OUR VIEWS: Good moves in clearing confusing school signs

Sep 11, 2012

To motorists, it means to slow down and drive even more defensively.

To parents, it means having talks with their children about safety as they travel to and from school.

And to schools and area public safety officials, it means having the proper signs around schools and using them wisely.

Having the “Stop for Pedestrian” signs in the center of city streets in school neighborhoods last school year wasn’t a good idea. To make matters worse, the signs were even left standing during the summer months —which not only didn’t make sense, but took away their effectiveness once school opened.

On more than one occasion this summer, we saw motorists slam on their brakes as they approached one of these signs when it wasn’t necessary to stop. Other motorists simply began to ignore the signs, a habit which could very well carry over once school began.

While most school signs in the area have been switched to say "Yield," at least one in Spring Lake Village still says "Stop." This could lead to confusion for motorists used to seeing one sign or the other. There should be consistency among the schools and signs to make sure an accident doesn't occur.

There has also been a signage problem at some schools located in the township when the speed limit is reduced during certain specific hours of the school day.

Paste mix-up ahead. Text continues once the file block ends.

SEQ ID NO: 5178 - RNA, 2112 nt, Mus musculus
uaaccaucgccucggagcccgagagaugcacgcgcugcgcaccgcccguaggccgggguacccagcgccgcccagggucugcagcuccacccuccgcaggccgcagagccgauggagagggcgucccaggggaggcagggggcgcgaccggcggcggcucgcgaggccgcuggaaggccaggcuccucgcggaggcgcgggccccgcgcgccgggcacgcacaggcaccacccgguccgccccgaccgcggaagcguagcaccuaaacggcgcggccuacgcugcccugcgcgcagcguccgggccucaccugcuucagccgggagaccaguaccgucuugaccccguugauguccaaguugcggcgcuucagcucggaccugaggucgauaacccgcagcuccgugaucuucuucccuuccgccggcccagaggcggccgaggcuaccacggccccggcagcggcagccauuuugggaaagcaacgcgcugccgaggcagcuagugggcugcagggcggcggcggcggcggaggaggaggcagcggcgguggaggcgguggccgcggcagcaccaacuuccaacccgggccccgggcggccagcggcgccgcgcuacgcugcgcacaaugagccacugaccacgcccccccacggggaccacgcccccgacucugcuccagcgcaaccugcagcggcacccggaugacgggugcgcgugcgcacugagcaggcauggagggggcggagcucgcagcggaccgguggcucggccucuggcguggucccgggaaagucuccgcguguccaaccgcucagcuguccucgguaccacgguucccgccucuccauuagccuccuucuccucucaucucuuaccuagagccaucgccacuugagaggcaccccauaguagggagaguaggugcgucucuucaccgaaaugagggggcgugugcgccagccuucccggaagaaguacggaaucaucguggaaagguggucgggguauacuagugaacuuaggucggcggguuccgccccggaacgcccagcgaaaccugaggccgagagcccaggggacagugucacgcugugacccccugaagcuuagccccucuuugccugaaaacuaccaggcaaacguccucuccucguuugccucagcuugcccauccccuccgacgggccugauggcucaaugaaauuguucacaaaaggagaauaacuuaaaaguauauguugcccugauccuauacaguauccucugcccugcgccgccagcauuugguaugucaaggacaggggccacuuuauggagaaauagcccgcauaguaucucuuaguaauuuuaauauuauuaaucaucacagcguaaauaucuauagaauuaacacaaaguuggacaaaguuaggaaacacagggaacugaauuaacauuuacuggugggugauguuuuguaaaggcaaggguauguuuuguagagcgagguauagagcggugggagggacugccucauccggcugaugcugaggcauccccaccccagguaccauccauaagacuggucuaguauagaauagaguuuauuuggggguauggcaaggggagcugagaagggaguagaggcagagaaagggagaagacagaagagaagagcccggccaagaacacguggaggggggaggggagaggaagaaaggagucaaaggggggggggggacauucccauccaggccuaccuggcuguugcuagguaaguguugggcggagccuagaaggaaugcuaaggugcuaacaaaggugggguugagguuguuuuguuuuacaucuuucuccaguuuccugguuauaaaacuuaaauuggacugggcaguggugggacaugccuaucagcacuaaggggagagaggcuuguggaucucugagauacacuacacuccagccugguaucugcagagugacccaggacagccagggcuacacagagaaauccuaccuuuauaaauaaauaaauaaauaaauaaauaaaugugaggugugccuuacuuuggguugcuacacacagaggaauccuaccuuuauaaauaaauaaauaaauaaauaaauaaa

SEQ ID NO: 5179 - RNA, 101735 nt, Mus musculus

Rosy Mound Elementary School on Lakeshore Drive is one of these trouble spots. Coming from the south, a motorist unfamiliar with the area would just about have to come to a complete stop to read the wordy sign that told them what three times of the day the speed limit dropped from 45 mph to 35 mph.

Schools in many other districts located in rural areas where speed limits are reduced at certain times are topped with flashing yellow lights, signaling the school-zone speed is in effect.

The Grand Haven Area Public Schools district has agreed to pay a portion of the cost for such lights at Rosy Mound, but the Ottawa County Road Commission has vetoed the idea. The Road Commission believes it is unnecessary and too costly.

We feel the flashing yellow light would be well worth the cost, and would greatly enhance the effectiveness of the school zone.

Motorists are also reminded that flashing yellow lights on school buses mean that the bus is slowing down to stop, and drivers should do likewise. Flashing red lights mean stop behind or in front of the bus until the red lights are terminated.

Let’s all work together to have a safe school year.

Our Views reflects the majority opinion of the members of the Grand Haven Tribune editorial board: Kevin Hook, Cheryl Welch, Matt DeYoung, Liz Stuck and Fred VandenBrand. What do you think? E-mail us a letter to the editor to news@grandhaventribune.com or log-in to our website and leave a comment below.

Comments

GHParent

I noticed the other day that the sign by Peach Plains states the slow down time in the am is 8:45. School now starts at 8:40 am. Updating the signs with new times may be a good idea. Also with the new delayed starts periodically throughout the year won't show, half days either. The flashing yellow seems like a more flexible solution. The cost could be split 3 ways with OCRC, GHAPS & the corresponding local government. The three groups of entities should sit down together & come up with a solution that works for everyone.

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